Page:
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Cambodia's new leader may sound like a reformer in Australia next week, but little has changed back home

Published in The Conversation, 29 February 2024

When Cambodia’s new prime minister, Hun Manet, visits Melbourne next week for the ASEAN Australia Summit, he may seem a welcome change from his long-serving authoritarian father Hun Sen. But hopes for a democratic and human rights renaissance in this genocide-ravaged and long-misgoverned country remain sadly misplaced.

Hun Sen, who had ruled Cambodia for 38 years, transferred power to his son, the 45-year-old Hun Manet, last August.

In Australia next week, the soft-spoken, Western-educated and technocratically savvy Hun Manet will likely present himself as the face of a modern, developing Cambodia, talking the talk of economic reform and more effective governance. However, his father’s talk back home is jail for his critics. And his father continues to call the shots that matter.

Hun Sen, still only 71, remains president of the Cambodian People’s Party (CPP) and is in practical control of what effectively remains a one-party state. And he is, for good measure, the de facto constitutional head of state, as well.

As the expected new president of the Senate, he will act for King Norodom Sihamoni when he is out of the country – as the king often has been, not least when controversial legislation has been signed into force.

The governing CPP has successfully used broad defamation laws to prosecute government critics in the courts. Last year, an opposition leader, Son Chhay, a dual Cambodian-Australian citizen, was ordered to pay $US1 million (A$1.5 million) in damages for saying the CPP bought and stole votes. Jail awaits if he cannot pay.

Commenting on this case, the deputy head of one of the country’s leading NGOs, Soeng Sengkaruna, whose long record of defending human rights was detailed in co-author Gordon Conochie’s book A Tiger Rules the Mountain – Cambodia’s Pursuit of Democracy, said the CPP should stop using the courts to silence the opposition.

This led the party to sue him this month, too, seeking US$500,000 (A$770,000) in damages. Knowing the prospect of the courts defying the CCP’s wishes, he and his family have now fled the country.

Power concentrated in one family

With Hun Sen doing the heavy lifting in controlling the political environment, Hun Manet has been able to concentrate on managing government departments and delivering public services, keeping one step away from allegations of human rights abuses. This has encouraged some media and diplomats to dream he will grant liberal freedoms when given the opportunity.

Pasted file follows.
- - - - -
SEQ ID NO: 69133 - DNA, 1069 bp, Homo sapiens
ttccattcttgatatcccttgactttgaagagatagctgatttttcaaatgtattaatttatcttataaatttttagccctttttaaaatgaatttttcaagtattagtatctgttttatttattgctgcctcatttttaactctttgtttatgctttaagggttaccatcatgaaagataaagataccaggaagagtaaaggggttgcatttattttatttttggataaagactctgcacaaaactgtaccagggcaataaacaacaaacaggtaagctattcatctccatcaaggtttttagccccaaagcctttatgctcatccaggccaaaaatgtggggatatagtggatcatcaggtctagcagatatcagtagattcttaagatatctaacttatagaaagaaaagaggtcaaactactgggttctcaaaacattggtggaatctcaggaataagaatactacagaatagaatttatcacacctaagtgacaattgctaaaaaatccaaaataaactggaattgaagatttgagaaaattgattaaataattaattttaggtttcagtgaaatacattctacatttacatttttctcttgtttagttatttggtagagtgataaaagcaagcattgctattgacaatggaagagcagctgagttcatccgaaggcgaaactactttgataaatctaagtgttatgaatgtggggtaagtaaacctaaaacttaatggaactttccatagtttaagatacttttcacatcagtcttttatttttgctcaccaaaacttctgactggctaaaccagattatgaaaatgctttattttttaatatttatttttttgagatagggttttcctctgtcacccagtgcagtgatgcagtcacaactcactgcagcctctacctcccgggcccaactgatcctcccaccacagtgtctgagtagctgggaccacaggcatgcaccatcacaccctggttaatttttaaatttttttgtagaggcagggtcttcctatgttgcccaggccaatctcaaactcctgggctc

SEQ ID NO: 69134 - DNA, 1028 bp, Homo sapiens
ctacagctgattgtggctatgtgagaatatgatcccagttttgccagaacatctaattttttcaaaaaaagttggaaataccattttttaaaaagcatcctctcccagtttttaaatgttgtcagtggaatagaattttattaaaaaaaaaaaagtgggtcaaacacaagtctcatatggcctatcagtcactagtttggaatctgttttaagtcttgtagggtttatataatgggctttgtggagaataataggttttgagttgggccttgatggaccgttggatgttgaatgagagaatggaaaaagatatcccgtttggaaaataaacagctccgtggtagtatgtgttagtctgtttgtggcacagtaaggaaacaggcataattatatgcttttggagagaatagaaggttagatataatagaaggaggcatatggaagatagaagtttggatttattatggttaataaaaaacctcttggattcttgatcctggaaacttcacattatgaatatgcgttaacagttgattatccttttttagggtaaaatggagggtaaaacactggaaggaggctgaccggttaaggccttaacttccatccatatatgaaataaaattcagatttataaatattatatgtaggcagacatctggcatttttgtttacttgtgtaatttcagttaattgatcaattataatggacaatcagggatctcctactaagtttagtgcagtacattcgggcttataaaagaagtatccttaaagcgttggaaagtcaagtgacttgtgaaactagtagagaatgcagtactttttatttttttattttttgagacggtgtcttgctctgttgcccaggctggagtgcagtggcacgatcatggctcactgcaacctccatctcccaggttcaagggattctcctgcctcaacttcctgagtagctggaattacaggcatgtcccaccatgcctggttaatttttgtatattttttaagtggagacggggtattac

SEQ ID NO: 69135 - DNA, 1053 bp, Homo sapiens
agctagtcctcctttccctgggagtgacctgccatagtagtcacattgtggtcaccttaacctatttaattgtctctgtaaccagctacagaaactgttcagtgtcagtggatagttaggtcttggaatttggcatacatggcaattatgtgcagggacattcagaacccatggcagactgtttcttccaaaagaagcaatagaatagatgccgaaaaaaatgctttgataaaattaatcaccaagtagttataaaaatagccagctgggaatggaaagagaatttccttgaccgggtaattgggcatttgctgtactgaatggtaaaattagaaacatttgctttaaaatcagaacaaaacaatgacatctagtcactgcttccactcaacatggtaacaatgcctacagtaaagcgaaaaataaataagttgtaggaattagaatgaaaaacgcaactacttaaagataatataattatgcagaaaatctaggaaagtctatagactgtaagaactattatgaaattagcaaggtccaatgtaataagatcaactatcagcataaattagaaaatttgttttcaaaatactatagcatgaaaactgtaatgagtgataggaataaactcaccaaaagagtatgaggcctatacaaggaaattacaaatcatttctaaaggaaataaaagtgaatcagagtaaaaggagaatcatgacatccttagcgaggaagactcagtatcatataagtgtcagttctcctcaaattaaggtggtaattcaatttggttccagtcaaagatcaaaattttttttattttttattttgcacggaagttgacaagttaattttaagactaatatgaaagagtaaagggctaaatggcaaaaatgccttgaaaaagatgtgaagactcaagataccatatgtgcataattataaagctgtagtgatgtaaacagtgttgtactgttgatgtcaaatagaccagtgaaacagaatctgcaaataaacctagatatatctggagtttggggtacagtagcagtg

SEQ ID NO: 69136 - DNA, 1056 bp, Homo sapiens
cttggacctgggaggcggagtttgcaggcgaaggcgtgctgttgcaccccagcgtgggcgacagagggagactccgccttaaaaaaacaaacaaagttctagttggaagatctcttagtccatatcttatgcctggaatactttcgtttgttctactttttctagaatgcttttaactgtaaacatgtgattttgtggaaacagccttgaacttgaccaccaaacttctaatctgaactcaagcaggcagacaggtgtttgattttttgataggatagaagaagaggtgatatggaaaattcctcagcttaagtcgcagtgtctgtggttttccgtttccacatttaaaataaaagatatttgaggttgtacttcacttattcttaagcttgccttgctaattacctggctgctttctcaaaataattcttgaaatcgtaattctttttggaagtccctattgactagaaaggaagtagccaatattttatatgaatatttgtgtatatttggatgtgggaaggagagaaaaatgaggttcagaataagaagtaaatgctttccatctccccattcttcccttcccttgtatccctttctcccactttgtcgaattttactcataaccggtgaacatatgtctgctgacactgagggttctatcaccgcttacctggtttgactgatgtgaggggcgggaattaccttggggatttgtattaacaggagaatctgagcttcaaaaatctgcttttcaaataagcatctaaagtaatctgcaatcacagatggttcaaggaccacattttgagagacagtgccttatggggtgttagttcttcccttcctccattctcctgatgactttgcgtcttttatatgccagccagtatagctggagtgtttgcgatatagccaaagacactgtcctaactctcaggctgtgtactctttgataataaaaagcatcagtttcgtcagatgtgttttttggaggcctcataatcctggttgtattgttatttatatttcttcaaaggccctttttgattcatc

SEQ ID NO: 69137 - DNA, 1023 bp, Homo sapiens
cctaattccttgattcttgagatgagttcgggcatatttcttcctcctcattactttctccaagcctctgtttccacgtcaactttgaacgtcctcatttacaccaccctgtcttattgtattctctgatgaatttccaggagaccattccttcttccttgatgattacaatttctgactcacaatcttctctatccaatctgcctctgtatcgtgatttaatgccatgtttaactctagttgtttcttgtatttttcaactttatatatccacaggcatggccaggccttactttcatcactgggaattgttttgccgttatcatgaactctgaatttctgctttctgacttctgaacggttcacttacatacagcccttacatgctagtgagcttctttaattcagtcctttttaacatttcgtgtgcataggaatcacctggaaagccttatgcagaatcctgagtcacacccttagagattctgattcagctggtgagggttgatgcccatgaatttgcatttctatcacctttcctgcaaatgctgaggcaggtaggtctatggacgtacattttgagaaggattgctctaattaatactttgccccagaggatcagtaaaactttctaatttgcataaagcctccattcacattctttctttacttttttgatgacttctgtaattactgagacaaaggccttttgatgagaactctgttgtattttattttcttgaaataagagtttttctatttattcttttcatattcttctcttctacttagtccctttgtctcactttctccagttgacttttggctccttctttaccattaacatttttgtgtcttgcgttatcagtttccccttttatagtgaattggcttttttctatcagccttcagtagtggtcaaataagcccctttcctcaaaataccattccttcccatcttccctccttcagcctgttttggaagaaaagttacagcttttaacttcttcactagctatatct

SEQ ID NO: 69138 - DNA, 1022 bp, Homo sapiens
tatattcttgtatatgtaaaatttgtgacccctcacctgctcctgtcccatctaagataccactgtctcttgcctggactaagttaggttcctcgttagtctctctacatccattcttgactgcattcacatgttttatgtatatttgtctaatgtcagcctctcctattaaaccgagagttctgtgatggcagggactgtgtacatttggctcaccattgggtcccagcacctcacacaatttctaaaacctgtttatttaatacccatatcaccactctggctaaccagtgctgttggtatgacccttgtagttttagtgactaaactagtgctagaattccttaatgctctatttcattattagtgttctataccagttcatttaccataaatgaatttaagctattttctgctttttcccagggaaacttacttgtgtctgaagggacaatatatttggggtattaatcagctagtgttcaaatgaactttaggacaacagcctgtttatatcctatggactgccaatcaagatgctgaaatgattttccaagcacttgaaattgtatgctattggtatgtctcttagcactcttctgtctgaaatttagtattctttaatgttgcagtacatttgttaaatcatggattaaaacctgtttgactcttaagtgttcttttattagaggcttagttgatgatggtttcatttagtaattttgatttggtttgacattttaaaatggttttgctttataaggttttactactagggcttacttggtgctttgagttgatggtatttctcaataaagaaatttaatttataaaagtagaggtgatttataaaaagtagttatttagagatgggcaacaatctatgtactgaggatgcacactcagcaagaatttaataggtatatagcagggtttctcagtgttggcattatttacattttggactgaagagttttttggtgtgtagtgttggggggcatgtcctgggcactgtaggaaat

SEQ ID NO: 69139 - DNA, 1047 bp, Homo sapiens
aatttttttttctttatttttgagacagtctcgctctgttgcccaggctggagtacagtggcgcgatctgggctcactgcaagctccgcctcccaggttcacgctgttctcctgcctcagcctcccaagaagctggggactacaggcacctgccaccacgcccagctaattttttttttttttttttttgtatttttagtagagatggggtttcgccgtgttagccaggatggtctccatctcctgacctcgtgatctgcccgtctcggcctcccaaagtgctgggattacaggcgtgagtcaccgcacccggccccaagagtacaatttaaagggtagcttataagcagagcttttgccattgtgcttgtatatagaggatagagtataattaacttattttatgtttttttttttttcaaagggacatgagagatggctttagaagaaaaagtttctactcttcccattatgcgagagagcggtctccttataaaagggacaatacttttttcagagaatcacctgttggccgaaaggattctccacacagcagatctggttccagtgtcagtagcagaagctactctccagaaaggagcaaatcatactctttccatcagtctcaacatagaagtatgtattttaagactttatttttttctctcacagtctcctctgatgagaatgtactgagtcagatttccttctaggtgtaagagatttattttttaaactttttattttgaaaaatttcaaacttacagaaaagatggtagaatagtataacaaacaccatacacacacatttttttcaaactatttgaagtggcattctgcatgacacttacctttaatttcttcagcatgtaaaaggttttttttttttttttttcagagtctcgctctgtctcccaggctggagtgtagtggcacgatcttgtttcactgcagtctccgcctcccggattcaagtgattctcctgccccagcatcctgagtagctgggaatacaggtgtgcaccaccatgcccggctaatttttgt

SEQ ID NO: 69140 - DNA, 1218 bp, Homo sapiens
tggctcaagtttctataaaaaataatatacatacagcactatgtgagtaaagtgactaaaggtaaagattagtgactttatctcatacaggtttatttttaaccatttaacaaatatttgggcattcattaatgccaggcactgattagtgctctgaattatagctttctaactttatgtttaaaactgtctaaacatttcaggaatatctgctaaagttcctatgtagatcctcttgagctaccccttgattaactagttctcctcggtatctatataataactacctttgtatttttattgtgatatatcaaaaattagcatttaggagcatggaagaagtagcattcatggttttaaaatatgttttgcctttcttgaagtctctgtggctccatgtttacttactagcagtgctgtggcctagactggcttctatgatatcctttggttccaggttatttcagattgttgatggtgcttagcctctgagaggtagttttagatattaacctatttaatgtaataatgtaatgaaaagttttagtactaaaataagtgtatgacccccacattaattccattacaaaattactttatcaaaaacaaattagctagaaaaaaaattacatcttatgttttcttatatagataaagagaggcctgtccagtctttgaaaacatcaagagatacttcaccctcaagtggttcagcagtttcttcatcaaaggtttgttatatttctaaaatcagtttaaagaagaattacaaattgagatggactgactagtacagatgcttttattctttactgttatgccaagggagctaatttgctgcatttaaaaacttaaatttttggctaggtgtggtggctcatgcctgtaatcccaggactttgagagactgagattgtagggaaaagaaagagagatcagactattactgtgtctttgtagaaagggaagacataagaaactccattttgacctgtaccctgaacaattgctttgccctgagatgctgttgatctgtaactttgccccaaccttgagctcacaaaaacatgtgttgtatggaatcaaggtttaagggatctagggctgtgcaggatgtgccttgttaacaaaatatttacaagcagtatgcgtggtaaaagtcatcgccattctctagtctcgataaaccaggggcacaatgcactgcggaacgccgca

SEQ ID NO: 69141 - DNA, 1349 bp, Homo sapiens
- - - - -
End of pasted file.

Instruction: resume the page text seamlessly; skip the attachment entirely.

But there is no reason to believe a few years studying in America and Britain will lead Hun Manet to discard the authoritarian and paternalistic culture in which he has been immersed for most of his life.

This is a political culture, much influenced by Lee Kuan Yew’s Singapore, where family trumps the individual, economic rights trump political rights, liberal freedoms need to be constrained lest they brew discord and disorder, and wise rulers should not be held back by the separation of powers.

However, a great many Cambodians, including reportedly some in the CPP itself, have not been persuaded that family values justify so many powerful roles being occupied by Hun Sen and his progeny. In addition to Hun Manet now serving as prime minister:

Cambodia is growing economically and the cityscape is now gleaming with skyscrapers. But it ranks 158th out of 180 countries for corruption. And a country where one family dominates government and commerce, and leaders are appointed because of their family connections, is at profound risk of kleptocracy.

Cambodia’s democratic and human rights deficit remains profound, with:

The government’s obsession with control extends to the diaspora: Cambodian-Australians joining protests in Melbourne may put their families back home at risk of visits by the authorities.

Australia should use its leverage

Australia should continue to support the economic and social development of Cambodia, but also those Cambodians who are striving for democracy and freedom of expression. Targeted sanctions against those accused of human rights violations can and should be applied.

Australia recently consulted with 14 Cambodian ministries on its new Development Partnership Plan for Cambodia – but no alternative civil society voices. We have leverage, and should use it – not just to promote economic development, but the decent governance so many Cambodians want and deserve.

The CPP has called liberal democracy unattainably “pure and perfect”. However, Cambodia’s own constitution – accepted as part of the peace process following the civil war, in which Australia played a prominent part – says this is exactly what the country should be.

The millions of Cambodians who vote when they can, rally for human rights and risk jail to protest abuses show that belief in true democracy is not a minority aberration. Australia should be standing with them.

Gareth Evans, Distinguished Honorary Professor, Australian National University. Gareth Evans was Australia’s foreign minister (1988–1996) and played a leading role in initiating the Paris Peace Agreements that ended Cambodia’s civil war.

Gordon Conochie, Adjunct Research Fellow, La Trobe University. Gordon Conochie is author of the new book, A Tiger Rules the Mountain - Cambodia's Pursuit of Democracy.

This article was first published in The Conversation on 29 February 2024. It also appeared in a slightly different version as 'Cambodia in Thrall to Hun Sen' in The Age on 2 March 2024.